Artist Trademarks Pi and Enrages T-Shirt Designers

by T+B Blog Team on June 4, 2014

A Brooklyn street artist has been granted a trademark for the Greek letter Pi in what could be the biggest ever legal case involving the mathematical constant. The artist, Paul Ingrisano, is claiming a trademark featuring the Greek letter to be used on t-shirts, jackets, caps, and other apparel, forcing the temporary removal of thousands of items from custom retail site Zazzle. The site sells a number of “π” themed t-shirts in its online store.

Wired was among the first to report on the trademark, which was filed with the USPTO in late January. The trademark for “π” followed by a period was registered through the artist’s company, Pi Productions Corp of New York, and is an apparent reference to his initials.

The trademarked symbol is a design Ingrisano uses on t-shirts sold at physical stores, but apparently so does California-based Zazzle from its online site, which offers customers print-on-demand clothing items that feature the letter. When the artist discovered the outlet, he and his attorney, Ronald Millet, sent the company a cease-and-desist letter to the company, insisting on the removal of the t-shirts from the online store.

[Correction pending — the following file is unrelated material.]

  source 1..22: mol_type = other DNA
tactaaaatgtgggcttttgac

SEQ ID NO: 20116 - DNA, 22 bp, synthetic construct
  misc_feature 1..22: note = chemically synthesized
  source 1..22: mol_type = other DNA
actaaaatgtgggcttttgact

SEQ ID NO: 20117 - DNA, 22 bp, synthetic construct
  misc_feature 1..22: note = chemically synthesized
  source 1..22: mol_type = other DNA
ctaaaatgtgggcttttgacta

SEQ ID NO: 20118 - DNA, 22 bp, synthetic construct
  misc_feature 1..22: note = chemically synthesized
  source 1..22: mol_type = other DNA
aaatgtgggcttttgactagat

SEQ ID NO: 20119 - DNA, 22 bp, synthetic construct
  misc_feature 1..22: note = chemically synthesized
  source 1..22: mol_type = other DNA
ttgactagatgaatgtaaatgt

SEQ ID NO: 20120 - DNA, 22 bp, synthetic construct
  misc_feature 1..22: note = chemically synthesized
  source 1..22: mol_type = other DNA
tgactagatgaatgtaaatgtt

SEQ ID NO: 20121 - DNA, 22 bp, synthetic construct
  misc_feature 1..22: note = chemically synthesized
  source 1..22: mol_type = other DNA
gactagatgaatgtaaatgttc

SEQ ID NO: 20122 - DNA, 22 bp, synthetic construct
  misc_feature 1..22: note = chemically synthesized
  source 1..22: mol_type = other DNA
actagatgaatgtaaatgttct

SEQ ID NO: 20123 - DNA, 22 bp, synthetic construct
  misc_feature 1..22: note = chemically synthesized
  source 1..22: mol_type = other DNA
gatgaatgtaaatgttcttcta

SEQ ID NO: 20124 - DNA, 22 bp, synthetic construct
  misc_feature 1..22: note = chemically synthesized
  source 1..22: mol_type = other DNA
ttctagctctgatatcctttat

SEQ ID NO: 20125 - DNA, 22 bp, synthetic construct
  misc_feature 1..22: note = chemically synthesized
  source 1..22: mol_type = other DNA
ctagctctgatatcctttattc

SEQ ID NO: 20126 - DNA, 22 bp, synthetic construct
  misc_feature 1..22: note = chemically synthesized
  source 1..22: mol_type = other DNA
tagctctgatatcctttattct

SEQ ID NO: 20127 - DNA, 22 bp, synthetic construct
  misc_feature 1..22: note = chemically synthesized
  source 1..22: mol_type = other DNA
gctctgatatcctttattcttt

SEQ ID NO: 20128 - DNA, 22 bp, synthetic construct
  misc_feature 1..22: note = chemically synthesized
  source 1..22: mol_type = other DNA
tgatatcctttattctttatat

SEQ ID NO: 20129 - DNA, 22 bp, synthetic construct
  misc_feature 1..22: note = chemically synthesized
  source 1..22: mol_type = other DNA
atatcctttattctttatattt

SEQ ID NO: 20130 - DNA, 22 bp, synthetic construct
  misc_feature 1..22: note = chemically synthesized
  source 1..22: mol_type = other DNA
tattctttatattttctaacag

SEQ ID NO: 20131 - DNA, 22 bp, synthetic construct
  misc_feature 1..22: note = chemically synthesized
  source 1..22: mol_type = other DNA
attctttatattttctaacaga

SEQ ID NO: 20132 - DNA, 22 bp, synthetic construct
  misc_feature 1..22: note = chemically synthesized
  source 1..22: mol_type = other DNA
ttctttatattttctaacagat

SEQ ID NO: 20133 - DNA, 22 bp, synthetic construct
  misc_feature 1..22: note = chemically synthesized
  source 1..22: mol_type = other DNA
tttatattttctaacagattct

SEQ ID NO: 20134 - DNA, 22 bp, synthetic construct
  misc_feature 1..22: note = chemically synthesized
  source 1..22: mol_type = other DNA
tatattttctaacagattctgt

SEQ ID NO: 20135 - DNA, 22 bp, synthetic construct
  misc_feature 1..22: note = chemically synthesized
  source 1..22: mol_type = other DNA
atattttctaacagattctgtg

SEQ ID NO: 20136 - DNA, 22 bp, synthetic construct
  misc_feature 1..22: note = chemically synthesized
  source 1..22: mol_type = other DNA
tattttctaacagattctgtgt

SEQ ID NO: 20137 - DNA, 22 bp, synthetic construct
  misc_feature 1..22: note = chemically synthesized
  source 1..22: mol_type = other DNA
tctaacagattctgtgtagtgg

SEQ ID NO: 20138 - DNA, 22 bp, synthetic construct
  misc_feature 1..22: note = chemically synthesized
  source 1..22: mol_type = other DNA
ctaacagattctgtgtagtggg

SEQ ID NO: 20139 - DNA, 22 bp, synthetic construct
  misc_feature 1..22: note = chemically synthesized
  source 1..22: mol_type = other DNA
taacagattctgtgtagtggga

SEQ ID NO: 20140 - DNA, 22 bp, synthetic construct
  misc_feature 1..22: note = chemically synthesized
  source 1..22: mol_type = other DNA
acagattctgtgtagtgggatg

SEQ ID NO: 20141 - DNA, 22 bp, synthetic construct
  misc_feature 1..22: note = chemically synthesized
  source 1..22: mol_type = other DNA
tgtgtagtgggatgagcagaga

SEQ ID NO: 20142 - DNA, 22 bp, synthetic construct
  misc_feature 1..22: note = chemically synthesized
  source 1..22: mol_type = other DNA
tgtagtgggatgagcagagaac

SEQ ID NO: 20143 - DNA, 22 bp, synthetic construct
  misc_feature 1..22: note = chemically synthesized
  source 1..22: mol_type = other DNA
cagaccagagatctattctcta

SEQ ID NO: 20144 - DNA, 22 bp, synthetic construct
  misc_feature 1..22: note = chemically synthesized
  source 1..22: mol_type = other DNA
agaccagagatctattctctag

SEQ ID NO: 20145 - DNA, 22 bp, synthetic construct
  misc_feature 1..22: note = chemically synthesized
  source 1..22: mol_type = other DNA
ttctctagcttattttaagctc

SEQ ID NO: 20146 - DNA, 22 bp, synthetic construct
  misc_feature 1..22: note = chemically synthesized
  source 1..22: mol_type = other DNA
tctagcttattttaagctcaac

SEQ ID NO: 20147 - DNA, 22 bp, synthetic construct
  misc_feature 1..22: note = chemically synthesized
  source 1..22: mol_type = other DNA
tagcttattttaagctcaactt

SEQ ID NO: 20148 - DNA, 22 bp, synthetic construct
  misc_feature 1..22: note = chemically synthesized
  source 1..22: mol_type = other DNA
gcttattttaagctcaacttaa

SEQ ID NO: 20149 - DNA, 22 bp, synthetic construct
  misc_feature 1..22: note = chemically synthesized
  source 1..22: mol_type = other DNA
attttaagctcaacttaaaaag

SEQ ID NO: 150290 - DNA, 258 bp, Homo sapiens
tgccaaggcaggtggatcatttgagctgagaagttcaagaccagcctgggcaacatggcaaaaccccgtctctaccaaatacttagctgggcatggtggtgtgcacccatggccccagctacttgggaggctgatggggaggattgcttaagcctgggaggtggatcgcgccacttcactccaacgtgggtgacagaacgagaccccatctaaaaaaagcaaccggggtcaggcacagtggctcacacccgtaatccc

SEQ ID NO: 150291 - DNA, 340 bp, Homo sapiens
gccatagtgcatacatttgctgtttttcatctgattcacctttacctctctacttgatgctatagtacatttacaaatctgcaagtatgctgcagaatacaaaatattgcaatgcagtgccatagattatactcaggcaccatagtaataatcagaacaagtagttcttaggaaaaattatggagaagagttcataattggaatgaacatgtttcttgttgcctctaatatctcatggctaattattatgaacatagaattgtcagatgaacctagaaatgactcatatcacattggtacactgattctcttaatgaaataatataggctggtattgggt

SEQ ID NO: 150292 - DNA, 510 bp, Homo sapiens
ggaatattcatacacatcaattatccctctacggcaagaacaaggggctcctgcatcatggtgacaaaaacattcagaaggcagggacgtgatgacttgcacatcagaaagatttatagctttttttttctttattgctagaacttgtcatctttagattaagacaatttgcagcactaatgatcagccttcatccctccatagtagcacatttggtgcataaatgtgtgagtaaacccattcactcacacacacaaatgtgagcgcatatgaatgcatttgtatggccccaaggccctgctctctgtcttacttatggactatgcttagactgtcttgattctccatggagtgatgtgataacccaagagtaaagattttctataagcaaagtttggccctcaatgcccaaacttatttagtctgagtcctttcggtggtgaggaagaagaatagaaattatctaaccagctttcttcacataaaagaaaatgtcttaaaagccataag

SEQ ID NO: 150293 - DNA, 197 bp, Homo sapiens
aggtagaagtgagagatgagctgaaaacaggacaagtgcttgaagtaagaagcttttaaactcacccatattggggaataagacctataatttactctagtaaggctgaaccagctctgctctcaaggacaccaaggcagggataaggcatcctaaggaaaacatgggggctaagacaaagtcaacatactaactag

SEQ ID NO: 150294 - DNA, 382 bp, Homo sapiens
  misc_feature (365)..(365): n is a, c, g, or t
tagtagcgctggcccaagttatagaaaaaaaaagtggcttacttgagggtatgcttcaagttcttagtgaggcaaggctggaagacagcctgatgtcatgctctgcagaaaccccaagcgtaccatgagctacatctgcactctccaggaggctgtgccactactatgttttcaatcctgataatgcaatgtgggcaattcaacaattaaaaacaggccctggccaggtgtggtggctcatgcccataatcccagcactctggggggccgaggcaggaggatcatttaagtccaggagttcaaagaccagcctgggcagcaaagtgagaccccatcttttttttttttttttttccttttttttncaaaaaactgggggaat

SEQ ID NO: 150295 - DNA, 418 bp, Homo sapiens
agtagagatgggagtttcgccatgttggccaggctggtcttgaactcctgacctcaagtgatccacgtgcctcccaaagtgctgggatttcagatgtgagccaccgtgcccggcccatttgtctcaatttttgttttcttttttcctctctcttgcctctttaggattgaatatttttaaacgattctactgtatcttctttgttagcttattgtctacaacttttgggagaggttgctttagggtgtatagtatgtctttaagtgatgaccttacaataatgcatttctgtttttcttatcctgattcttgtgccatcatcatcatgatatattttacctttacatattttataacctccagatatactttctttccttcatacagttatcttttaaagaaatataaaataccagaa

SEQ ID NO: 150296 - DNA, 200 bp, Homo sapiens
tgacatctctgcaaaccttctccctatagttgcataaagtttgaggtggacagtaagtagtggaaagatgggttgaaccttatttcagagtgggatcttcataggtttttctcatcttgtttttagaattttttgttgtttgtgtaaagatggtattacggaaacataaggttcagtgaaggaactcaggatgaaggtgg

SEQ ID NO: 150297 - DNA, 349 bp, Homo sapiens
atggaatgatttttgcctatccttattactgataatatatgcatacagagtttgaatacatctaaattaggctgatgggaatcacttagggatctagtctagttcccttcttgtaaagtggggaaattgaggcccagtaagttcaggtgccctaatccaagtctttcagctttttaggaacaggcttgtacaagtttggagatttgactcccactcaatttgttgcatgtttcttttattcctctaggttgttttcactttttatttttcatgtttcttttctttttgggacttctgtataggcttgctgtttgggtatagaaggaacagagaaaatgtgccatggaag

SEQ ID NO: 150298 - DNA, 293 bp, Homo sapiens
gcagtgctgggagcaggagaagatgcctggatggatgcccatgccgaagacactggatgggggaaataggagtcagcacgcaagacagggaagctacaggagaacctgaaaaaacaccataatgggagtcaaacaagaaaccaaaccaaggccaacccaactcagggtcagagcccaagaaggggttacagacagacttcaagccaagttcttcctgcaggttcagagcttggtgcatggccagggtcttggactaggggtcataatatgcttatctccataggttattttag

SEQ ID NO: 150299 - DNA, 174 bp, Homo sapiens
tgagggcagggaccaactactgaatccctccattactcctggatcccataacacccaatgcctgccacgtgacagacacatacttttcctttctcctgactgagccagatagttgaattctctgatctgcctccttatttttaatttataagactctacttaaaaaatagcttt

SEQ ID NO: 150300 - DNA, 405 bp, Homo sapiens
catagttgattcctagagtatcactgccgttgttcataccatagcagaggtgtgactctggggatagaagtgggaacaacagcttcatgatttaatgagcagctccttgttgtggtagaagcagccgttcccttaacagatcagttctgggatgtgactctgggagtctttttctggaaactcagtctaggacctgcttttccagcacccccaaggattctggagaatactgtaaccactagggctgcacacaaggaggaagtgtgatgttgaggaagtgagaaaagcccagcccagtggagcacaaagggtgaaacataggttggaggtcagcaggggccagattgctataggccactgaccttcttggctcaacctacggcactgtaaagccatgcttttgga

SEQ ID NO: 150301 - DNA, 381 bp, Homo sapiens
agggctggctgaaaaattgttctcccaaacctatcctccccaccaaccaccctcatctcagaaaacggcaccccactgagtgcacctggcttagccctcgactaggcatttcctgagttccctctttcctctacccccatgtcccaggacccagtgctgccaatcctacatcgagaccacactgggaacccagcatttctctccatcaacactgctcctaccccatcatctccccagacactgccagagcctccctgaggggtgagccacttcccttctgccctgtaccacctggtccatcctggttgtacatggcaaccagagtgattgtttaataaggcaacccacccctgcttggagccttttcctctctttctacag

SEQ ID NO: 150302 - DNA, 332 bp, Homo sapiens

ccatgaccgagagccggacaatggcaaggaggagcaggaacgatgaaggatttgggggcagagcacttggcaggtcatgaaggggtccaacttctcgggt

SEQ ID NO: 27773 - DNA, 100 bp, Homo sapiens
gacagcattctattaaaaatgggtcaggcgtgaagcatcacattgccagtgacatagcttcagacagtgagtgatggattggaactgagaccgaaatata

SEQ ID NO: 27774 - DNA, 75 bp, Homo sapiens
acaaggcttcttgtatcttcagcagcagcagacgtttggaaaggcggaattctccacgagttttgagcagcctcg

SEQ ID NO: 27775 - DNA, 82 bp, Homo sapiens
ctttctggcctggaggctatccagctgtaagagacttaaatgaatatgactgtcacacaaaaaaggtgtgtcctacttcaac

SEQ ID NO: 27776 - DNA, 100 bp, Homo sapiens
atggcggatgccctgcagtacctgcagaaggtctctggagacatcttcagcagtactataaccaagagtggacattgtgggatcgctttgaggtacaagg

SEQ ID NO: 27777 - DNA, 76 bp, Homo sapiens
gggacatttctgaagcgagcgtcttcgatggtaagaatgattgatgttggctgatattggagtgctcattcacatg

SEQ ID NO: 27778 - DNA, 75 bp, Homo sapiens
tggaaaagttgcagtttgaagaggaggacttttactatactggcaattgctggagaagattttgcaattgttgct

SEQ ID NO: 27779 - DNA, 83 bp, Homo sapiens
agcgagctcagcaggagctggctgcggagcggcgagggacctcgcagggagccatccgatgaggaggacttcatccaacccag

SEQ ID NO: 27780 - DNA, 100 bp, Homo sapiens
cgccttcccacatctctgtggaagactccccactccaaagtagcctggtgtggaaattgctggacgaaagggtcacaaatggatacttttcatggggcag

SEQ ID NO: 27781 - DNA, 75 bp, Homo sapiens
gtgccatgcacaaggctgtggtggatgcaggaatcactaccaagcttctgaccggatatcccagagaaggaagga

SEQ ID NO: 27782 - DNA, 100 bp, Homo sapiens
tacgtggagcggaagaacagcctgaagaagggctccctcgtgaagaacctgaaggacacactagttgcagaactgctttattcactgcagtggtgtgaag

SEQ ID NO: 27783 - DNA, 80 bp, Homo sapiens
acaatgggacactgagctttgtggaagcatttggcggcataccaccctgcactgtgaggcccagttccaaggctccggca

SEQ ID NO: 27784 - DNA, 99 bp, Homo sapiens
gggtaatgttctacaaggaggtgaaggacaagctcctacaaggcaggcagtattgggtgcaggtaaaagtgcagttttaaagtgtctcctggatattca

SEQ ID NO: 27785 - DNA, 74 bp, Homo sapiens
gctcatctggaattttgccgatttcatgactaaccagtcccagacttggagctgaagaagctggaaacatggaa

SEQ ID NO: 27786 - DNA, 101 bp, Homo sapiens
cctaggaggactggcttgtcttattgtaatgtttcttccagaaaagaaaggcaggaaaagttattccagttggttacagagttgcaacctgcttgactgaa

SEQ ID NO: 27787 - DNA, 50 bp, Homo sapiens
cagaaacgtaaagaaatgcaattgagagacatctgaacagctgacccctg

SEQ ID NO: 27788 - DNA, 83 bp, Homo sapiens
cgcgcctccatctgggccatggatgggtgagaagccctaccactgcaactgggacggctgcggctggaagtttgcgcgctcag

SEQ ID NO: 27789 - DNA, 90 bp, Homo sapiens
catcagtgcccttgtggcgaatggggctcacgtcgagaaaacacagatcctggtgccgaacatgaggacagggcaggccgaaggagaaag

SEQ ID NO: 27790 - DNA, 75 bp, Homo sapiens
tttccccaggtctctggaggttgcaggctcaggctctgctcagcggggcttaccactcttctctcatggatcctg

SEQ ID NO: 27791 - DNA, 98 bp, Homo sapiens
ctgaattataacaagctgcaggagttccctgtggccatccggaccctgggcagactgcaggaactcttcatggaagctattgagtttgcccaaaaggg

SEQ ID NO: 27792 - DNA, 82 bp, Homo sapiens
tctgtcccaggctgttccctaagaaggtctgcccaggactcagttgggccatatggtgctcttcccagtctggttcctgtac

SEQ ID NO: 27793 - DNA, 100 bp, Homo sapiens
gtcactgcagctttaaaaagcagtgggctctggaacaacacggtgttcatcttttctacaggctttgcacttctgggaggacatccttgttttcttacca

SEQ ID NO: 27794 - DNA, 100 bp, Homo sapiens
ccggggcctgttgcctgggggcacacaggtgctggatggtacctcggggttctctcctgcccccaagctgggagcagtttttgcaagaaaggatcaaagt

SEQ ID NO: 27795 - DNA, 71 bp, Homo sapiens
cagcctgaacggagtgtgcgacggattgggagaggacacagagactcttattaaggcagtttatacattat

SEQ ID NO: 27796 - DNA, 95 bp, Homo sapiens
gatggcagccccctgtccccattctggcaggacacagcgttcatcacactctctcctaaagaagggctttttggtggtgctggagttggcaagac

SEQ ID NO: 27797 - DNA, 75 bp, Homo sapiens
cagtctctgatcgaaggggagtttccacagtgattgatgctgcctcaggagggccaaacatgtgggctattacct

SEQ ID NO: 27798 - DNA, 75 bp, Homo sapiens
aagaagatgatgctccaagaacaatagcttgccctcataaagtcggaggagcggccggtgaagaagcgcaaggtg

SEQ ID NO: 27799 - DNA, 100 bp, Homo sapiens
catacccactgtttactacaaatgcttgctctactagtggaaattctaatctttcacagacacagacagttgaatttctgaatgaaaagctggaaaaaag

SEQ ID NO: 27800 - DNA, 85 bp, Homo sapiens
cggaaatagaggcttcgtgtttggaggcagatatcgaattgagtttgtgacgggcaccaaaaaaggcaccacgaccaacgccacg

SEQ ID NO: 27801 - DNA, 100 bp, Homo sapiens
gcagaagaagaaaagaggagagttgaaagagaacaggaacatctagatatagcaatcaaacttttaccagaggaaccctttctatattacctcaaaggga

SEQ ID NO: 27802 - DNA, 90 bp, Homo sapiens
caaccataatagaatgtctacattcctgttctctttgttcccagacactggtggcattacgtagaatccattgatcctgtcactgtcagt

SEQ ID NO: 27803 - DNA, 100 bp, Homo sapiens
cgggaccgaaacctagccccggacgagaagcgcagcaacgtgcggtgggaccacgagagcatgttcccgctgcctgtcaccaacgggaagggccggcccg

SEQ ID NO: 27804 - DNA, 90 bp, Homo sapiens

In the letter, which was sent in May, the artist also requested information about the volume of profits generated from Pi-printed apparel during the time he already owned the trademark, giving Zazzle 14 days to respond. Zazzle eventually decided not to involve itself in a lawsuit and put a temporary ban on garments featuring the 3,000-year-old letter instead.

The move prompted swift reaction by sellers on Zazzle’s forum, with many expressing their annoyance and refusal to accept that their designs infringe on the trademark, Business Insider said.

Can you think of any other widely used symbols that are registered trademarks?

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